4. Dry Hitch Weight
When towing a trailer, the dry hitch weight is an essential metric. This number represents the weight on your vehicle’s trailer ball while your trailer is not carrying any water or supplies; typically, it hovers around 10% of its total weight.
So, paying attention to this number helps you make every trip safely and with ease and confidence!
Weight Chart for Campers
|Camper Type||GVWR (lbs.)||Average Empty Weight (lbs.)||Average Load Capacity (lbs.)||Empty Weight Range (lbs.)|
|Teardrop Camper||2,000 to 4,000||1,700||700||500 to 3,200|
|Large Travel Trailer||6,300 to 10,500||6,700||1,600||4,500 to 8,700|
|Toy Hauler||14,700 to 22,500||7,600||10,300||3,600 to 11,400|
|A-Frame Camper||2,500 to 3,600||1,700||1,200||1,200 to 2,300|
|Pop Up Camper||2,700 to 4,000||2,300||1,100||1,400 to 3,000|
|Small Travel Trailer||1,900 to 4,500||2,800||800||1,200 to 3,900|
|5th Wheel Camper||17,000 to 20,000||12,700||6,000||5,000 to 16,000|
Why is Trailer Weight Important
The weight of the camper trailer is important because it affects several factors related to towing. First, heavier trailers require more power to tow, putting more wear and tear on the towing vehicle and the trailer itself.
Additionally, heavier trailers are more difficult to stop and more likely to cause accidents if something goes wrong. For all these reasons, it is important to ensure that your trailer is not overweight.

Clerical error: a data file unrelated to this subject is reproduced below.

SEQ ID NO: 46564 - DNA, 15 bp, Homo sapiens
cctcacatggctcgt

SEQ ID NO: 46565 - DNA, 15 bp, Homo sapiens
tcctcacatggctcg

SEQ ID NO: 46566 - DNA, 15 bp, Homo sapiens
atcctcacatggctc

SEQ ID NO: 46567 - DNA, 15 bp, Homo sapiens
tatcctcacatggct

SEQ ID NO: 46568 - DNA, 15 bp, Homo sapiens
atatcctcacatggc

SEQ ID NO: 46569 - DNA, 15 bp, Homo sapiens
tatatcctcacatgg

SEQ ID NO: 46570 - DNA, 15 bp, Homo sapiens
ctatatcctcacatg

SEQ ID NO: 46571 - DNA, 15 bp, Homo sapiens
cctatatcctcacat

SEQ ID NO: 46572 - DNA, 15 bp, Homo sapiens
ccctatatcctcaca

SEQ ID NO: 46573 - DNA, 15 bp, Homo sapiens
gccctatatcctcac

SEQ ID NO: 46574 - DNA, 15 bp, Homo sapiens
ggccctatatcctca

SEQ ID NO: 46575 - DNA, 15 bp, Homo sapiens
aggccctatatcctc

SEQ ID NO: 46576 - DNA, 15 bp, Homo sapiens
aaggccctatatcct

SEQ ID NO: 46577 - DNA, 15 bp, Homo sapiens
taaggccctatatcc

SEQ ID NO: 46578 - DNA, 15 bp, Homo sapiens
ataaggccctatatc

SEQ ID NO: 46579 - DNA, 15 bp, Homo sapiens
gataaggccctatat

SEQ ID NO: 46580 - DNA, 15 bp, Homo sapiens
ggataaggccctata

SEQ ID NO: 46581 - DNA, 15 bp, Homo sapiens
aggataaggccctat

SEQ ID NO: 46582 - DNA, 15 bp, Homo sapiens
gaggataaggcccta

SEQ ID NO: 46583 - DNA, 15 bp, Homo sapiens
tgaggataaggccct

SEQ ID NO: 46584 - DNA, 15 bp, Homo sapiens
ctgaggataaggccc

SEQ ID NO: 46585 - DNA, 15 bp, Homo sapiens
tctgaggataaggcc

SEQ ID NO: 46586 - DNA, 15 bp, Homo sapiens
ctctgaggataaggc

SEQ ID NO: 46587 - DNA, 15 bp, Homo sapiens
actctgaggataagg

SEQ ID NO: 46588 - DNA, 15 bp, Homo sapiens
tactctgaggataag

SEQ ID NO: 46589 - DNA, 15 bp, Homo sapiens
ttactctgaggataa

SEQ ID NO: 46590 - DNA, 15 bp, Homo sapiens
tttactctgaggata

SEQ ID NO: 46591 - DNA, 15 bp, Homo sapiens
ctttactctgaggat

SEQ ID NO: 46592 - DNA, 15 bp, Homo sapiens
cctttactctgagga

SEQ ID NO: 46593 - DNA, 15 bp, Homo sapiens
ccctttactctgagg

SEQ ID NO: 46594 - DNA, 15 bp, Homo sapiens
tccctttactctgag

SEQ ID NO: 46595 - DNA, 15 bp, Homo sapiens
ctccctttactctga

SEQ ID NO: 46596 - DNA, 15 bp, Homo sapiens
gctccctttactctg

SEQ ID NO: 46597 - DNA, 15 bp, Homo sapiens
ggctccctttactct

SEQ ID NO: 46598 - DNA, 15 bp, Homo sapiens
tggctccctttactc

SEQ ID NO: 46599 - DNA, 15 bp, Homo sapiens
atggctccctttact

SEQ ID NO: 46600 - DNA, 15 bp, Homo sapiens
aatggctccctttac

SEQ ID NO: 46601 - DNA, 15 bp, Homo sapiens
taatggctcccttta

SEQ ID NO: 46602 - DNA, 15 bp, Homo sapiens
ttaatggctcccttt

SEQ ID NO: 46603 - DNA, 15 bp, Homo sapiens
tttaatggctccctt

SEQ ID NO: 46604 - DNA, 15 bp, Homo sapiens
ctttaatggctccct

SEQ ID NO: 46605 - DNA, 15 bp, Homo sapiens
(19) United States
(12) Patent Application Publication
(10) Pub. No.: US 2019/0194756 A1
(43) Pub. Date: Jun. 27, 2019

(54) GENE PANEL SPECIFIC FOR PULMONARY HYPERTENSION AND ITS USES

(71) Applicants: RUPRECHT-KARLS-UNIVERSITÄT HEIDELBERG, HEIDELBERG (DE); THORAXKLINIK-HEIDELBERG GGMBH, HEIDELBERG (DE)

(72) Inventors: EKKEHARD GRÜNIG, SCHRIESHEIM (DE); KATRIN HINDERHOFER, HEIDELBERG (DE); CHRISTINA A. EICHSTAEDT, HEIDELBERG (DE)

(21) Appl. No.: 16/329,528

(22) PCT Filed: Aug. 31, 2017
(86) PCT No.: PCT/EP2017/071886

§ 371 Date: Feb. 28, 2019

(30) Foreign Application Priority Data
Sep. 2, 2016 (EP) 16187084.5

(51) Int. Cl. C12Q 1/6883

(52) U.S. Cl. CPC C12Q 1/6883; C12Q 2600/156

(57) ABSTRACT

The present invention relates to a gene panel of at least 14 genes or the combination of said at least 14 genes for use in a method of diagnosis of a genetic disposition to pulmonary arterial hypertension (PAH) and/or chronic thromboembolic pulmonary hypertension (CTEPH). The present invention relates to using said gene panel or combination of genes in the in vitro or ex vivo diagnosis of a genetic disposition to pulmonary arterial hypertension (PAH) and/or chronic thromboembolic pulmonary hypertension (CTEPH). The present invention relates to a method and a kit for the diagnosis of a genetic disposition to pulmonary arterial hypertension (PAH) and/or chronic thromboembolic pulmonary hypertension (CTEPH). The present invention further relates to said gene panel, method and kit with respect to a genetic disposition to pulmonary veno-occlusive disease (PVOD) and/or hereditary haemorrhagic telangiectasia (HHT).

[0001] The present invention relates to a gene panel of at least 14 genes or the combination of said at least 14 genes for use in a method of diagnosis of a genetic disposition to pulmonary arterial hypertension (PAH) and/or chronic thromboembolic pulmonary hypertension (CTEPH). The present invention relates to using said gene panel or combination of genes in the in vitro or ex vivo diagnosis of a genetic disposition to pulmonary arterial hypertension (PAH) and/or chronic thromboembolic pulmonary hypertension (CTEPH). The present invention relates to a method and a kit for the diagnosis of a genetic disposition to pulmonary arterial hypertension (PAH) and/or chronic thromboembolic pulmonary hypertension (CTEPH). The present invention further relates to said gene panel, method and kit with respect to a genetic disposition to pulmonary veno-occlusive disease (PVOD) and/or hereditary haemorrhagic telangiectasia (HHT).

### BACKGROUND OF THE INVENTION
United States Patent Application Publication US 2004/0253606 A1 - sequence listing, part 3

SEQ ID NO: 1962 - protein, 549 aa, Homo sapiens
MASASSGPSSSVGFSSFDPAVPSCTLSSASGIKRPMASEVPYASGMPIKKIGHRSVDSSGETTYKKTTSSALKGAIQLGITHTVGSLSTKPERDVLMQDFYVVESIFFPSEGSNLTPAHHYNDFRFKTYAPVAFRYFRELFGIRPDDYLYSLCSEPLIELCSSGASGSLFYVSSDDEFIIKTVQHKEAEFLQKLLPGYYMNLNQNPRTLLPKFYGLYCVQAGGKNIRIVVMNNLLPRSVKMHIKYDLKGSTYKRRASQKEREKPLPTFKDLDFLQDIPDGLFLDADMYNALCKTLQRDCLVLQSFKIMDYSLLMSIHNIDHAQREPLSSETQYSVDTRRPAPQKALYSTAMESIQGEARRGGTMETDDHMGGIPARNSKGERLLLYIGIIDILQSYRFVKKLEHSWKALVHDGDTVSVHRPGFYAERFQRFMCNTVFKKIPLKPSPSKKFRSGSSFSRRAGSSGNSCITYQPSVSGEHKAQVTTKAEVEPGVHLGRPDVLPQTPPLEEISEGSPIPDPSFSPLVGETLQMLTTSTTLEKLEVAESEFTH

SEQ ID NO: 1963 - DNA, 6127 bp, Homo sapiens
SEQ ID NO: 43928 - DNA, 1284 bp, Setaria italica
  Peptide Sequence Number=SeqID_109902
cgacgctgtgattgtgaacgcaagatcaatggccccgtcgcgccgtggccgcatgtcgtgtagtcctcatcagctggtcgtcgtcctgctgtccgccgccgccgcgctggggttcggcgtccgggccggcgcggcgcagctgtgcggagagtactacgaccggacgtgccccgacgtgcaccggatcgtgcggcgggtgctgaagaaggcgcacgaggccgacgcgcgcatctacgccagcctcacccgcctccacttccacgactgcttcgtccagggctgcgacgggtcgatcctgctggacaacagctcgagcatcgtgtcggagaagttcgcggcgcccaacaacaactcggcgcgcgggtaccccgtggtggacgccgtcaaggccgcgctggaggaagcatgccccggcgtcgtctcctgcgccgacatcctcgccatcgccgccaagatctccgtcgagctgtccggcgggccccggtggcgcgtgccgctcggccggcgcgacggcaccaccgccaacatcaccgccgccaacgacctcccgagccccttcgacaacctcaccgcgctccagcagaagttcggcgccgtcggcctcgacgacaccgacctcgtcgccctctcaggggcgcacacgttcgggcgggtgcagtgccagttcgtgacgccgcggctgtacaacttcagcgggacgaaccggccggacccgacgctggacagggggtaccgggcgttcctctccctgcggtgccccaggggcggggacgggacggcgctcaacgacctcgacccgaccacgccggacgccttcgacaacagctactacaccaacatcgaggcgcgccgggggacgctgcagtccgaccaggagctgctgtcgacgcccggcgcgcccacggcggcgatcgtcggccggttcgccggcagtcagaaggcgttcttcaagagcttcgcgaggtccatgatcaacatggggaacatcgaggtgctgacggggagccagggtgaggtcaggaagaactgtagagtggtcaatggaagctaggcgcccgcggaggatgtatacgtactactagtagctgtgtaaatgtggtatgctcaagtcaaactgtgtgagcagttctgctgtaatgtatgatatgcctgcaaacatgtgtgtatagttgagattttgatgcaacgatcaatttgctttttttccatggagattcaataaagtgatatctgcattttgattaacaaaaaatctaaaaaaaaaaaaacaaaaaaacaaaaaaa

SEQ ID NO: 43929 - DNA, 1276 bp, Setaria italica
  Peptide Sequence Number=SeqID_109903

For example, if your small camper weight 16ft – 18ft, it is important to make sure that your trailer does not exceed the maximum weight of 2,000 pounds. On the other hand, if you tow a larger camper exceeding 18 feet, the maximum weight should not exceed 3,500 pounds.
How to Read the Weight Numbers of Trailers
Reading the weight numbers of trailers is an important step in ensuring safety while towing. Weight numbers can be found on a plate or sticker near the trailer’s tongue.
- The GVWR is the maximum weight the trailer can safely carry, including the importance of the trailer itself, the cargo, and any passengers. The CC is the weight the trailer can safely assume minus the weight of the trailer itself.
- Unloaded Vehicle Weight – This is the weight of just the camper without anything else. That means if you’re planning on carrying your stuff on top of the trailer, you’ll also need to add the weight of the things to this figure.
- CCC – Cargo carrying capacity – Maximum weight limit for the load carried by trailer.
- Dry Hitch Weight – The dry hitch weight is how much weight is placed on the trailer ball of the tow vehicle when the trailer is empty. This number is typically around 10% of the total trailer weight.
How much do campers weigh? You figured out the answer in this article. We hope you enjoyed our blog post. Remember that if you have any questions about campers or trailer weight specifications, you should contact a qualified retailer to help answer your questions.
Please keep in mind that safety is the most important factor in camping equipment and that it’s always better to fix an issue before it becomes more serious.
Hi, I am Paul, a full-time RV, and digital producer. I am currently the chief editor of Riverside Trailer, aspiring to bring my experience on the move into creating high-quality content for beginner and seasoned RVers.